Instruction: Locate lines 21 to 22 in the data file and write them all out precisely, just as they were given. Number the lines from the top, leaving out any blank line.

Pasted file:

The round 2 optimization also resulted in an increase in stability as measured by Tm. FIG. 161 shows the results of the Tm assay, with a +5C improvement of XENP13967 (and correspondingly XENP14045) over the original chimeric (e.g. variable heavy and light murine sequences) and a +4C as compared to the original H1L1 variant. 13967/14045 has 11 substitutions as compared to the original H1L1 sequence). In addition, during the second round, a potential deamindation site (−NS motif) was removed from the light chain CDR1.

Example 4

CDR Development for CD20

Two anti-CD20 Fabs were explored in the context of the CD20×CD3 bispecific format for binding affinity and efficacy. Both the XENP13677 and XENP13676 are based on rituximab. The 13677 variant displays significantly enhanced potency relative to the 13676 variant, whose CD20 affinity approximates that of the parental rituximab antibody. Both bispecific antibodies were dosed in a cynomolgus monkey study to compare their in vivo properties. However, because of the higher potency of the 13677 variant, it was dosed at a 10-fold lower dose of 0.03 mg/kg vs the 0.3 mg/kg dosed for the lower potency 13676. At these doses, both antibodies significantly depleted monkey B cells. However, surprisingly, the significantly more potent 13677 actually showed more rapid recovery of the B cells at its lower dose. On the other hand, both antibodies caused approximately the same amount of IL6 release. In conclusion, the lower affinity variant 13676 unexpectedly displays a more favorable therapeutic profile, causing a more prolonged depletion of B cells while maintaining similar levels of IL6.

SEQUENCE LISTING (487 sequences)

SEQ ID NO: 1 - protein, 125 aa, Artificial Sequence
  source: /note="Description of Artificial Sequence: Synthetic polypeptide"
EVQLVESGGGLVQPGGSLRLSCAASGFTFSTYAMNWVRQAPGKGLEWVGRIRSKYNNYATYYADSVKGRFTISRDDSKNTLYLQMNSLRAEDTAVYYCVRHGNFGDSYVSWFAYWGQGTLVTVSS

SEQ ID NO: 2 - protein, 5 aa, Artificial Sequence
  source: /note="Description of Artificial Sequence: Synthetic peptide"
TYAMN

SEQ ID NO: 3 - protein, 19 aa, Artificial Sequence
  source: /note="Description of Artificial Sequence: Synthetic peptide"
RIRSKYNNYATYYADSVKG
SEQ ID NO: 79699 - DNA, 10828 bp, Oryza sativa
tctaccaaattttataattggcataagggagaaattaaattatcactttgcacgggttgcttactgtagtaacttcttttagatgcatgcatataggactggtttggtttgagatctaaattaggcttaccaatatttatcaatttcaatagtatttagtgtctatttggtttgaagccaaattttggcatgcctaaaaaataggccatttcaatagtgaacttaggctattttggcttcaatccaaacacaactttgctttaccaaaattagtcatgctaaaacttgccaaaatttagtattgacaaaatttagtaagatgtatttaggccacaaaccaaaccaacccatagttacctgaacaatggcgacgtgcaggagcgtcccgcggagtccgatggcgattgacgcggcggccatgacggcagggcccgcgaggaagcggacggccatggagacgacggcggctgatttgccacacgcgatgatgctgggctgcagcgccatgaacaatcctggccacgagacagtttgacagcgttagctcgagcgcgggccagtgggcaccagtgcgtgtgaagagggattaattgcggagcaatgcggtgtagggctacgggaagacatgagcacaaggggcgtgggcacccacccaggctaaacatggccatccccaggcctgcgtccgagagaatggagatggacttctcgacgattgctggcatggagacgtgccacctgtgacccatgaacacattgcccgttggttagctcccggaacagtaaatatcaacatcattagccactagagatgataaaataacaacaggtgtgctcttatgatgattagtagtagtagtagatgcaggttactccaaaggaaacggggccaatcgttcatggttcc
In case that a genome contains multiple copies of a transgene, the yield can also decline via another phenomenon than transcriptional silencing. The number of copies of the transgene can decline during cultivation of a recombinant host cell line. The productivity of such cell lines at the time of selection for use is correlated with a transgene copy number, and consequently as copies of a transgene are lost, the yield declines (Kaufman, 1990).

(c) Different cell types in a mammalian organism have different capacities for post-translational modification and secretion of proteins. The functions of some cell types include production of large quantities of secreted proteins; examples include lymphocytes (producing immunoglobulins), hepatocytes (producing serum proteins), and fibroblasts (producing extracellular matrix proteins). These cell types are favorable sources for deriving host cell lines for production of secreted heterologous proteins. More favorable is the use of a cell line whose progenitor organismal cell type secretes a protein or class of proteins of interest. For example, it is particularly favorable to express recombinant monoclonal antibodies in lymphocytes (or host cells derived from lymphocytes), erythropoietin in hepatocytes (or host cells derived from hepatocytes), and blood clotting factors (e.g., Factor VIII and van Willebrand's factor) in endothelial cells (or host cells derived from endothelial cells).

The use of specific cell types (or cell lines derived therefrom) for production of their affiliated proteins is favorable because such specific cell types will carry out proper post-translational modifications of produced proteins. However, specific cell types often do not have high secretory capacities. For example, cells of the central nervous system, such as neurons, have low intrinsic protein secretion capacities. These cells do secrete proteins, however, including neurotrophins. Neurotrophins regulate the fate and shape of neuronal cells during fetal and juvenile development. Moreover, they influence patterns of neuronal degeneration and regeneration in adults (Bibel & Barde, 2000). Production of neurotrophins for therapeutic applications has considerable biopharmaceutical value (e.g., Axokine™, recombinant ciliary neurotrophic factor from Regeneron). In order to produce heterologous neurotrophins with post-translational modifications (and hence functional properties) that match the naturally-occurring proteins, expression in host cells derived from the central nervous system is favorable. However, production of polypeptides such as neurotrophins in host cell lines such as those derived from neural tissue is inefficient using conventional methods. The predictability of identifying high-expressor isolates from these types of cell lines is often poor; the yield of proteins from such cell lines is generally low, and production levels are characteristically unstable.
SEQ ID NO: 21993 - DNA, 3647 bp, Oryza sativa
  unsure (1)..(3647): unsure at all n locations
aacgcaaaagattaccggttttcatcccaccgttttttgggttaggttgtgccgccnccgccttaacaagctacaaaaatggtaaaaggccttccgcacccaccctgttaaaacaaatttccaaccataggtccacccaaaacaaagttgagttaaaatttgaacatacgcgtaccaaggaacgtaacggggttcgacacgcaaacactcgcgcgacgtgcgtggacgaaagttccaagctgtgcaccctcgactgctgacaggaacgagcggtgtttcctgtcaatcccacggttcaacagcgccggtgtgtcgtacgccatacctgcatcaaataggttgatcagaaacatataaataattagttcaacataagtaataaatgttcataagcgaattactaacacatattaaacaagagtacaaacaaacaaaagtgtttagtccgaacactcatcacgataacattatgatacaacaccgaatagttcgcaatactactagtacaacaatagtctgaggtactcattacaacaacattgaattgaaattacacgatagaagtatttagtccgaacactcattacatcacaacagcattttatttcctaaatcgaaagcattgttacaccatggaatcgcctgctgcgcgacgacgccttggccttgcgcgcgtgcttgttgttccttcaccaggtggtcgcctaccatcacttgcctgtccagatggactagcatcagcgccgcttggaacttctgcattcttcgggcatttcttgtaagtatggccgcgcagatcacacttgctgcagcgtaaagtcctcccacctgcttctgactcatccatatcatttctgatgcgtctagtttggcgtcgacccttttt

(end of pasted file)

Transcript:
  unsure (1)..(3647): unsure at all n locations
aacgcaaaagattaccggttttcatcccaccgttttttgggttaggttgtgccgccnccgccttaacaagctacaaaaatggtaaaaggccttccgcacccaccctgttaaaacaaatttccaaccataggtccacccaaaacaaagttgagttaaaatttgaacatacgcgtaccaaggaacgtaacggggttcgacacgcaaacactcgcgcgacgtgcgtggacgaaagttccaagctgtgcaccctcgactgctgacaggaacgagcggtgtttcctgtcaatcccacggttcaacagcgccggtgtgtcgtacgccatacctgcatcaaataggttgatcagaaacatataaataattagttcaacataagtaataaatgttcataagcgaattactaacacatattaaacaagagtacaaacaaacaaaagtgtttagtccgaacactcatcacgataacattatgatacaacaccgaatagttcgcaatactactagtacaacaatagtctgaggtactcattacaacaacattgaattgaaattacacgatagaagtatttagtccgaacactcattacatcacaacagcattttatttcctaaatcgaaagcattgttacaccatggaatcgcctgctgcgcgacgacgccttggccttgcgcgcgtgcttgttgttccttcaccaggtggtcgcctaccatcacttgcctgtccagatggactagcatcagcgccgcttggaacttctgcattcttcgggcatttcttgtaagtatggccgcgcagatcacacttgctgcagcgtaaagtcctcccacctgcttctgactcatccatatcatttctgatgcgtctagtttggcgtcgacccttttt